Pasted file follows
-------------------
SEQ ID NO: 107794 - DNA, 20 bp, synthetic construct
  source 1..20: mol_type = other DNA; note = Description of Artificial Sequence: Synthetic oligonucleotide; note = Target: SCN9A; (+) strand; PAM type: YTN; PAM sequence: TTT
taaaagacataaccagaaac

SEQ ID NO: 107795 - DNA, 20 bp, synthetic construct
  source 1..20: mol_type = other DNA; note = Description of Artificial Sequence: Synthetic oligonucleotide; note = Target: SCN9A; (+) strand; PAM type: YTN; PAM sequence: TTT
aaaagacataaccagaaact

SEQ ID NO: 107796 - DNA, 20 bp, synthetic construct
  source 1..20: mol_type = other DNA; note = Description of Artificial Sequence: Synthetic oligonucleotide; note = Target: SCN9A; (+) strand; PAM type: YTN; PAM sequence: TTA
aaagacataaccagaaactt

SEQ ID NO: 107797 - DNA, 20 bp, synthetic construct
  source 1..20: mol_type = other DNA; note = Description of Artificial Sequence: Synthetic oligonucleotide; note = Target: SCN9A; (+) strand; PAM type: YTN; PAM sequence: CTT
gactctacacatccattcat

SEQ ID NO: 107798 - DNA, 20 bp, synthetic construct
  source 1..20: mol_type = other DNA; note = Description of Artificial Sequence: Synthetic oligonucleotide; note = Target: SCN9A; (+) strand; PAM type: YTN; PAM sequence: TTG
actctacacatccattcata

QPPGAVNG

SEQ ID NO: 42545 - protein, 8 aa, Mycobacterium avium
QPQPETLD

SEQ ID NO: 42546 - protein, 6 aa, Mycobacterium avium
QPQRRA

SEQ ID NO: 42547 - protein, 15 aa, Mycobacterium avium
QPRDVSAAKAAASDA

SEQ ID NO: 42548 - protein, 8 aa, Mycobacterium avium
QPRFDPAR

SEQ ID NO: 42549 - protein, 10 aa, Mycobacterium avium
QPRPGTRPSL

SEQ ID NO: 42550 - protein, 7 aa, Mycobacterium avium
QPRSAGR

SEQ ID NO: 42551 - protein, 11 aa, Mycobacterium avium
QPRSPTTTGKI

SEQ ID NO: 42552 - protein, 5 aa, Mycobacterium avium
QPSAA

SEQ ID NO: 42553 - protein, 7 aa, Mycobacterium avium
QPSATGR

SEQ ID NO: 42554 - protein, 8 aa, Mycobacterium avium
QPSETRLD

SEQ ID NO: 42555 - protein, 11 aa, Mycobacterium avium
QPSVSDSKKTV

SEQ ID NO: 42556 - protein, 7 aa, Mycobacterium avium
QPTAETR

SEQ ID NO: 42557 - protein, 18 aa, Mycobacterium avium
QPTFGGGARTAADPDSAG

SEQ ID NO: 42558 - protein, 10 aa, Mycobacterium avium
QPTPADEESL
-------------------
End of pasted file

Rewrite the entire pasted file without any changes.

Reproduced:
SEQ ID NO: 107794 - DNA, 20 bp, synthetic construct
  source 1..20: mol_type = other DNA; note = Description of Artificial Sequence: Synthetic oligonucleotide; note = Target: SCN9A; (+) strand; PAM type: YTN; PAM sequence: TTT
taaaagacataaccagaaac

SEQ ID NO: 107795 - DNA, 20 bp, synthetic construct
  source 1..20: mol_type = other DNA; note = Description of Artificial Sequence: Synthetic oligonucleotide; note = Target: SCN9A; (+) strand; PAM type: YTN; PAM sequence: TTT
aaaagacataaccagaaact

SEQ ID NO: 107796 - DNA, 20 bp, synthetic construct
  source 1..20: mol_type = other DNA; note = Description of Artificial Sequence: Synthetic oligonucleotide; note = Target: SCN9A; (+) strand; PAM type: YTN; PAM sequence: TTA
aaagacataaccagaaactt

SEQ ID NO: 107797 - DNA, 20 bp, synthetic construct
  source 1..20: mol_type = other DNA; note = Description of Artificial Sequence: Synthetic oligonucleotide; note = Target: SCN9A; (+) strand; PAM type: YTN; PAM sequence: CTT
gactctacacatccattcat

SEQ ID NO: 107798 - DNA, 20 bp, synthetic construct
  source 1..20: mol_type = other DNA; note = Description of Artificial Sequence: Synthetic oligonucleotide; note = Target: SCN9A; (+) strand; PAM type: YTN; PAM sequence: TTG
actctacacatccattcata

QPPGAVNG

SEQ ID NO: 42545 - protein, 8 aa, Mycobacterium avium
QPQPETLD

SEQ ID NO: 42546 - protein, 6 aa, Mycobacterium avium
QPQRRA

SEQ ID NO: 42547 - protein, 15 aa, Mycobacterium avium
QPRDVSAAKAAASDA

SEQ ID NO: 42548 - protein, 8 aa, Mycobacterium avium
QPRFDPAR

SEQ ID NO: 42549 - protein, 10 aa, Mycobacterium avium
QPRPGTRPSL

SEQ ID NO: 42550 - protein, 7 aa, Mycobacterium avium
QPRSAGR

SEQ ID NO: 42551 - protein, 11 aa, Mycobacterium avium
QPRSPTTTGKI

SEQ ID NO: 42552 - protein, 5 aa, Mycobacterium avium
QPSAA

SEQ ID NO: 42553 - protein, 7 aa, Mycobacterium avium
QPSATGR

SEQ ID NO: 42554 - protein, 8 aa, Mycobacterium avium
QPSETRLD

SEQ ID NO: 42555 - protein, 11 aa, Mycobacterium avium
QPSVSDSKKTV

SEQ ID NO: 42556 - protein, 7 aa, Mycobacterium avium
QPTAETR

SEQ ID NO: 42557 - protein, 18 aa, Mycobacterium avium
QPTFGGGARTAADPDSAG

SEQ ID NO: 42558 - protein, 10 aa, Mycobacterium avium
QPTPADEESL